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Rules and Freedom in Traditional Martial Arts

When I first read Shunryu Suzuki's work 20+ years ago, it stuck with me. His book Zen Mind, Beginner's Mind felt important, even though it also mystified me. I've gone back to it several times since that initial encounter. One quote that I return to is this one:

“As long as you have rules, you have a chance for freedom. To try to obtain freedom without being aware of the rules means nothing.”


In the west, particularly in America, we have an idea that rules are the opposite of freedom. We have the pioneer spirit and forge our own paths. However, Suzuki teases out a different idea here. My reading is that once we have embodied the rules, we find the cracks in between them that are uniquely ours. For example, no one will ever have exactly the same body structure as me, so when I operate within the rules of, say, the zenkutsudachi stance, what is left after the basic requirements have been met is entirely mine. No one else can ever have my stance.


This is echoed in the Shu-Ha-Ri teaching method that we see in Japan. Beginning students copy and adhere to the rules, trying to mimic the teacher (Shu). In the middle stage (Ha), they bend the rules, finding out how to accomplish the same feats with less effort and smaller versions of techniques. And finally, in the most advanced stages, they transcend or break with the rules (Ri), using their bodies in whatever way arises in the spontaneous moment. I tell my students that they don't really ever break with the kata so much as they become the kata in this stage. They don't do martial arts: they are martial arts.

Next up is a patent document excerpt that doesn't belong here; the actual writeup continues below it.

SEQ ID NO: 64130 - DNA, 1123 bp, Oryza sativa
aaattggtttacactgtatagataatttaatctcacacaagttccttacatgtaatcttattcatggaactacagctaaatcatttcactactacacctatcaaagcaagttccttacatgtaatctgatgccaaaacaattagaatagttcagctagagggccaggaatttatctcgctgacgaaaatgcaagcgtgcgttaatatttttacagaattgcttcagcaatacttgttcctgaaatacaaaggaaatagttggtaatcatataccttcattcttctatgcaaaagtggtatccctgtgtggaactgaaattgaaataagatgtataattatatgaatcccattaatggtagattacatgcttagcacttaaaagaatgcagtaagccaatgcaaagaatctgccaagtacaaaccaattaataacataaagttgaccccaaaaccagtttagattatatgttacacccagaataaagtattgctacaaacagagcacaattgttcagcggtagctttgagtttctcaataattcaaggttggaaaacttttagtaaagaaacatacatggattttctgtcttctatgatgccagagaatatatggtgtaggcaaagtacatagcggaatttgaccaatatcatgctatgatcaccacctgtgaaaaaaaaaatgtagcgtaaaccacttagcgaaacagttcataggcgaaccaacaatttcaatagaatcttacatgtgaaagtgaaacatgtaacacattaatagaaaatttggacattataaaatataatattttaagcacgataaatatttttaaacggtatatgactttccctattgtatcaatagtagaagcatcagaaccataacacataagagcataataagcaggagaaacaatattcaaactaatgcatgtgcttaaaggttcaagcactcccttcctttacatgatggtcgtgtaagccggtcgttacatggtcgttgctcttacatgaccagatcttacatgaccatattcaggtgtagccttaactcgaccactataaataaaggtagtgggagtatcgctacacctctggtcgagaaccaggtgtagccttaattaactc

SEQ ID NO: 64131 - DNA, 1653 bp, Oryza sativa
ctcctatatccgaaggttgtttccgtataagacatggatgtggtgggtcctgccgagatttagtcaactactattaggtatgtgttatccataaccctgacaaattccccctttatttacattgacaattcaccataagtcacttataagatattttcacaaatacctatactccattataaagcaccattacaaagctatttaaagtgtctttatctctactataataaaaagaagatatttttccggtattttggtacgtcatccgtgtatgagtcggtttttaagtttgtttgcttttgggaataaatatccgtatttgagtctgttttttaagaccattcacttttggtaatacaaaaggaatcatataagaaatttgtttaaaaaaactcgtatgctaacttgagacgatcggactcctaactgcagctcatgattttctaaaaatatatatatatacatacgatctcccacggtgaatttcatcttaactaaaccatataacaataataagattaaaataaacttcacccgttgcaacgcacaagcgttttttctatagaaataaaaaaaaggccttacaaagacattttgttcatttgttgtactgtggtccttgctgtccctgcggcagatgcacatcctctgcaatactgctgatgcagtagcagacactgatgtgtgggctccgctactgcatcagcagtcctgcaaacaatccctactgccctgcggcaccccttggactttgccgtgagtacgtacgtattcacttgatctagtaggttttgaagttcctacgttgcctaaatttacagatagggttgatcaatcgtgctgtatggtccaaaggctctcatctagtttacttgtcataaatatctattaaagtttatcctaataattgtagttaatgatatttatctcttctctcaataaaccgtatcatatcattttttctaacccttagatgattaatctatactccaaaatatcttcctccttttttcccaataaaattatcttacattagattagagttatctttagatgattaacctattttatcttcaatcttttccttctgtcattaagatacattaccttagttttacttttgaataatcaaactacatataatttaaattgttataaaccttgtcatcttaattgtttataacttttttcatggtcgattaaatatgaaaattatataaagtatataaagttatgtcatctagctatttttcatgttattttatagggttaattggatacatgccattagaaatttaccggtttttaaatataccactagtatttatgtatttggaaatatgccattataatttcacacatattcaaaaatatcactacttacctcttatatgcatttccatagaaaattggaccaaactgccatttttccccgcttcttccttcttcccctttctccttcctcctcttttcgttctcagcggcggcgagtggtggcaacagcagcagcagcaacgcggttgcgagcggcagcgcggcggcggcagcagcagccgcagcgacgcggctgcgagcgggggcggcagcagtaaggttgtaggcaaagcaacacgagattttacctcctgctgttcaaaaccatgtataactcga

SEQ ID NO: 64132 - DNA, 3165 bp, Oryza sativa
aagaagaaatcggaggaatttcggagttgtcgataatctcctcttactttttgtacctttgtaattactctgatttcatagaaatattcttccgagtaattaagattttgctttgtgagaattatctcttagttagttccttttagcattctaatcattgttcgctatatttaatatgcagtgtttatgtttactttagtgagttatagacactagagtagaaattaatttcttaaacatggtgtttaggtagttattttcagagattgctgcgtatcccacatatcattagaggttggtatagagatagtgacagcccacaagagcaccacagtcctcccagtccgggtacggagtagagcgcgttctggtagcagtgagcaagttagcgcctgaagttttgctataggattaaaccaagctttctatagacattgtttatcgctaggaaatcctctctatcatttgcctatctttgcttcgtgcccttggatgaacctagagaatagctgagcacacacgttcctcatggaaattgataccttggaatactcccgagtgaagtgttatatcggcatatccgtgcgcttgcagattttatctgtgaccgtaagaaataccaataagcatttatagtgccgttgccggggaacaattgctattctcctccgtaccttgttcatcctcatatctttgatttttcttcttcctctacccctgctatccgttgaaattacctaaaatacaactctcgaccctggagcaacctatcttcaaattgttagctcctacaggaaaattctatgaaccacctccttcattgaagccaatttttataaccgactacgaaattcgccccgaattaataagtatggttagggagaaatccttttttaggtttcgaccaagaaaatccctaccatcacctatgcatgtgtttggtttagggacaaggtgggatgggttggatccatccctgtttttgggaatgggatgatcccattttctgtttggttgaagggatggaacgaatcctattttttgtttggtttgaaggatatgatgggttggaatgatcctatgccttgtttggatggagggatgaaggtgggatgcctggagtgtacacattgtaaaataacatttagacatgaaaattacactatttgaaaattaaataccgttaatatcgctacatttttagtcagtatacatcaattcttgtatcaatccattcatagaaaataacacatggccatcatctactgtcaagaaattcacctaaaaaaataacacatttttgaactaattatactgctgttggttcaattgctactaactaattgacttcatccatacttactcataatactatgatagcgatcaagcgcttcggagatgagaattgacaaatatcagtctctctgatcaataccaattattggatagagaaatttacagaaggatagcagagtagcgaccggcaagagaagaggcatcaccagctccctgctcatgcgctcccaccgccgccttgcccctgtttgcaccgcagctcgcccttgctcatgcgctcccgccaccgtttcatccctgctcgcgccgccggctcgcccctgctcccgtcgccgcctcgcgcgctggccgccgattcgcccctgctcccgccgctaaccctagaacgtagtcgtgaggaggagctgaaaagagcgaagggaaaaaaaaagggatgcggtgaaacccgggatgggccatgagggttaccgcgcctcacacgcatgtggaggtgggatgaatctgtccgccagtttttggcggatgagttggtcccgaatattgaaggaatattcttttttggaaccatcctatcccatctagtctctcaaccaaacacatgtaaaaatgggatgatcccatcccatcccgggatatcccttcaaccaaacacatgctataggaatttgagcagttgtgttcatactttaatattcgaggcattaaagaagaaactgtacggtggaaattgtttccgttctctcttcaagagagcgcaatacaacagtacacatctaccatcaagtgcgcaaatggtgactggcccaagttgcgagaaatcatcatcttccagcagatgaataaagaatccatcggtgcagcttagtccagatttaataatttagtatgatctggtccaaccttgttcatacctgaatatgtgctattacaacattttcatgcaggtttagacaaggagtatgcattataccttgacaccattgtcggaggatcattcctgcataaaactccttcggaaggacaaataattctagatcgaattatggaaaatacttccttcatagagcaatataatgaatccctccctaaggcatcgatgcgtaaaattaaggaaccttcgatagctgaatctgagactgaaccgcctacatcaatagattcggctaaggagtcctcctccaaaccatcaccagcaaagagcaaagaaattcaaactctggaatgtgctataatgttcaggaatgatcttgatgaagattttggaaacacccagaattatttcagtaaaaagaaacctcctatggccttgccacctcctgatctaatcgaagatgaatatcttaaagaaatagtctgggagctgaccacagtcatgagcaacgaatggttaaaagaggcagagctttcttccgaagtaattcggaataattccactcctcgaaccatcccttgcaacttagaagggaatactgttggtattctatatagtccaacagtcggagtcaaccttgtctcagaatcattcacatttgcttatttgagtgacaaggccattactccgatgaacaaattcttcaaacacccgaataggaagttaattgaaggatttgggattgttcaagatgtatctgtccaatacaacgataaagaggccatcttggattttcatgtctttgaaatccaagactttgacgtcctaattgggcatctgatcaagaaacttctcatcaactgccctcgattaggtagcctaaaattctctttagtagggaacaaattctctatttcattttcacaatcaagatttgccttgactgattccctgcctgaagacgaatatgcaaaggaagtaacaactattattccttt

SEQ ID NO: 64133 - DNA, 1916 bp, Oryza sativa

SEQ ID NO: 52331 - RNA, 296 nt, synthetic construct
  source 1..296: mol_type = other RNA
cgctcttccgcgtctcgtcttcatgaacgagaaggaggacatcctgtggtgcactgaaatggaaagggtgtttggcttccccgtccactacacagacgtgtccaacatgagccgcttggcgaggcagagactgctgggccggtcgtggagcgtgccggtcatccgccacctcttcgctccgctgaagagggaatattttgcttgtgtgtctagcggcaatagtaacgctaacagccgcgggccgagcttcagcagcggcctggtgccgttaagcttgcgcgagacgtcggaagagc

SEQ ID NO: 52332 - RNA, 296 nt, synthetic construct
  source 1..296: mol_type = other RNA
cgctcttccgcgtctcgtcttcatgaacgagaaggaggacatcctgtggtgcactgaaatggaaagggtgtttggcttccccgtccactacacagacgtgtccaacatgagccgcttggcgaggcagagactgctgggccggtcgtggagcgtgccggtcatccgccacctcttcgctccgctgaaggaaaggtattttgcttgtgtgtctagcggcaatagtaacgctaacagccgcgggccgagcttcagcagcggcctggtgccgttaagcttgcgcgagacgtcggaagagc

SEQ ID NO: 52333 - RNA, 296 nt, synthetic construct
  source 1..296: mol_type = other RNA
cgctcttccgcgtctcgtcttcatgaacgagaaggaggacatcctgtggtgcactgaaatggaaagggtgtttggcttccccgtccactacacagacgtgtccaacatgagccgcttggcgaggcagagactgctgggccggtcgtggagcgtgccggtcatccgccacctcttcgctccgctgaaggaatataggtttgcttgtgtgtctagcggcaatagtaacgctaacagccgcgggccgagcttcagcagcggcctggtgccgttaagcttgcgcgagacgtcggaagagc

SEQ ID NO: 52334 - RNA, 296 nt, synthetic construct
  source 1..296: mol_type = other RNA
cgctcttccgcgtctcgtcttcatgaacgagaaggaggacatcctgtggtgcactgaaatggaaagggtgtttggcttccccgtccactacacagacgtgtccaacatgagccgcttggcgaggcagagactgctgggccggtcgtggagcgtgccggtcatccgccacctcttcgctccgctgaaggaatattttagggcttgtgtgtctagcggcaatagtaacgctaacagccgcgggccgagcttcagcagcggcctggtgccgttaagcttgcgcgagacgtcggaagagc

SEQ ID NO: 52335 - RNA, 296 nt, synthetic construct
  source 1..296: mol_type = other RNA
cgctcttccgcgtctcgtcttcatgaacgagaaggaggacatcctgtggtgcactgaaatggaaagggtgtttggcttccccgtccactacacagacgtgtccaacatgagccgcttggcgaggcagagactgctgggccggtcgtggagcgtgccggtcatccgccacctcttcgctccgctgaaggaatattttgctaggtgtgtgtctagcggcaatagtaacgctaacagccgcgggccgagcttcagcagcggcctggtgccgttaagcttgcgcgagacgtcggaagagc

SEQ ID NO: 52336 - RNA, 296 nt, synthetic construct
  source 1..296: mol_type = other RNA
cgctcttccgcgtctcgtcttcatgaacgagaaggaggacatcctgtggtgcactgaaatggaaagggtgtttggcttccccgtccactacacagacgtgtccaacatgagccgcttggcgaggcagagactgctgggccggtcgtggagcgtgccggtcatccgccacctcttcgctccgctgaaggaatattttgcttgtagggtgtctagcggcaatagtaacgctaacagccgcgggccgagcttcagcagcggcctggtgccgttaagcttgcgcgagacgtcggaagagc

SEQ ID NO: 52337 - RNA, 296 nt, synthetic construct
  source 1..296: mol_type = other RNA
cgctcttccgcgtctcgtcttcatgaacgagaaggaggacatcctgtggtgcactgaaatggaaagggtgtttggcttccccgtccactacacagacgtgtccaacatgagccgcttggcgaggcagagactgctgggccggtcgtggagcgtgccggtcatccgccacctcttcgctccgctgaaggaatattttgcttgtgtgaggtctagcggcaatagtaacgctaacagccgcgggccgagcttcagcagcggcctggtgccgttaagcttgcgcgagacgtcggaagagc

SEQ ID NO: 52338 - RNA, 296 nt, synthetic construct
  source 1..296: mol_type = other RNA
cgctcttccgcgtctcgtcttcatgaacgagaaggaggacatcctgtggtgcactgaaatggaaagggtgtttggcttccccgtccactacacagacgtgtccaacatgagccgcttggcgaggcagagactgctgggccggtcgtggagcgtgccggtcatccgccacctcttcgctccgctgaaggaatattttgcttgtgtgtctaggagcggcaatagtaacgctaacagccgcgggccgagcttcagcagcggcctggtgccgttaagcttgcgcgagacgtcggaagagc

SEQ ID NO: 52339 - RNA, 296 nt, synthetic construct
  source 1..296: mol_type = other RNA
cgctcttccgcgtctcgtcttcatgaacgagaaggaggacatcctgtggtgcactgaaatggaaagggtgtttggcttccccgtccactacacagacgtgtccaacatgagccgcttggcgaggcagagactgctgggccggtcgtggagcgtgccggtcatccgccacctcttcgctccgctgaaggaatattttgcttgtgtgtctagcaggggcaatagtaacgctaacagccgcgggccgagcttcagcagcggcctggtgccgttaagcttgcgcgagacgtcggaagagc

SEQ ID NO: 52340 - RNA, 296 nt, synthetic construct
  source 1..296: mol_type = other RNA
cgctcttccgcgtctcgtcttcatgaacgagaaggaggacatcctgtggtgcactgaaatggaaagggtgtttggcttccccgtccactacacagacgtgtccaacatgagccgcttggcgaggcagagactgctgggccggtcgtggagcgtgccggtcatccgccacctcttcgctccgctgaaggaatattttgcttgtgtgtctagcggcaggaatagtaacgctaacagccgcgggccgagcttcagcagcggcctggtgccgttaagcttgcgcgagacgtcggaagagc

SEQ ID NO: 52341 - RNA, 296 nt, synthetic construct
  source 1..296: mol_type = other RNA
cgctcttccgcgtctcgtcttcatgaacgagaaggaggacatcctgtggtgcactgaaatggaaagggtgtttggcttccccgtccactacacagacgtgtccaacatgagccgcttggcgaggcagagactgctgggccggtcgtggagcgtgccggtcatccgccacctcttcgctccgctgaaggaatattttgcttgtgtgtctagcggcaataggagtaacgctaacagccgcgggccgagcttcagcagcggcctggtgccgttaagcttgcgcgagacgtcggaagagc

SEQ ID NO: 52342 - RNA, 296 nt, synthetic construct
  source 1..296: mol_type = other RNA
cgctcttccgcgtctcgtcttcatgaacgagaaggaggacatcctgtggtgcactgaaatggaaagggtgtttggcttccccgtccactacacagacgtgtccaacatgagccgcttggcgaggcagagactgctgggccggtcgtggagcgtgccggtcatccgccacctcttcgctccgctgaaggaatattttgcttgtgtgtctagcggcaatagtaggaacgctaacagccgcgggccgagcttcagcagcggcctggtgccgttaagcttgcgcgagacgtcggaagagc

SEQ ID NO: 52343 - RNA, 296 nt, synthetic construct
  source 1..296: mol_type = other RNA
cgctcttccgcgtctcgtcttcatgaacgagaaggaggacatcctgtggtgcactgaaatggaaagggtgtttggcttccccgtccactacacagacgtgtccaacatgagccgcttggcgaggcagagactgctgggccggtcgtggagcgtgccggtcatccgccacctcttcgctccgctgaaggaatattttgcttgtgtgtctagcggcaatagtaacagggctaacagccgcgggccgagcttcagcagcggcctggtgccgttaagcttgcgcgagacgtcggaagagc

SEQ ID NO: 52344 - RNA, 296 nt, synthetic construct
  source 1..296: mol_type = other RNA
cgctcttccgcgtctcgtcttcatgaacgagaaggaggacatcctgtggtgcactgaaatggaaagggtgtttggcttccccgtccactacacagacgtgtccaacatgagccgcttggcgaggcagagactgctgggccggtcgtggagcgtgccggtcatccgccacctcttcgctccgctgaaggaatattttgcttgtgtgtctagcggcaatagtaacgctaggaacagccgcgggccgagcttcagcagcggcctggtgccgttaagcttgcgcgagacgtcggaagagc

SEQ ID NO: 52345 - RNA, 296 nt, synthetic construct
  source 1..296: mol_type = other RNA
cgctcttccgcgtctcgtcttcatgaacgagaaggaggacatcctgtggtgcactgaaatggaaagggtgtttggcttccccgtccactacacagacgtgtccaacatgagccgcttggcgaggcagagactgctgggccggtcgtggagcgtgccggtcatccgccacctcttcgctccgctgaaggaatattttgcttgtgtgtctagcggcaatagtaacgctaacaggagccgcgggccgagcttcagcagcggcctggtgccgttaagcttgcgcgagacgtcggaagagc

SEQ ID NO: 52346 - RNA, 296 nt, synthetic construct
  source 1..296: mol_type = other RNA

However, all of these stages takes place within the context of rules, even transcending rules. Because we have rules, we can transcend them. Because we have standards and guidelines, we can learn when to step outside the boundaries. Rules aspire to keep us safe. Transcending them means removing your safety harness and purposefully taking responsibility for your own risks and rewards.


Having said all of that, one of my rules as a teacher is to give students the room to explore. I encourage them to play and discover as they learn how to fit karate's rules into their bodies. If you're a teacher, I encourage you to consider this second quote from Suzuki: “Even though you try to put people under control, it is impossible. You cannot do it. The best way to control people is to encourage them to be mischievous.” I was a mischief maker long before I read Suzuki!



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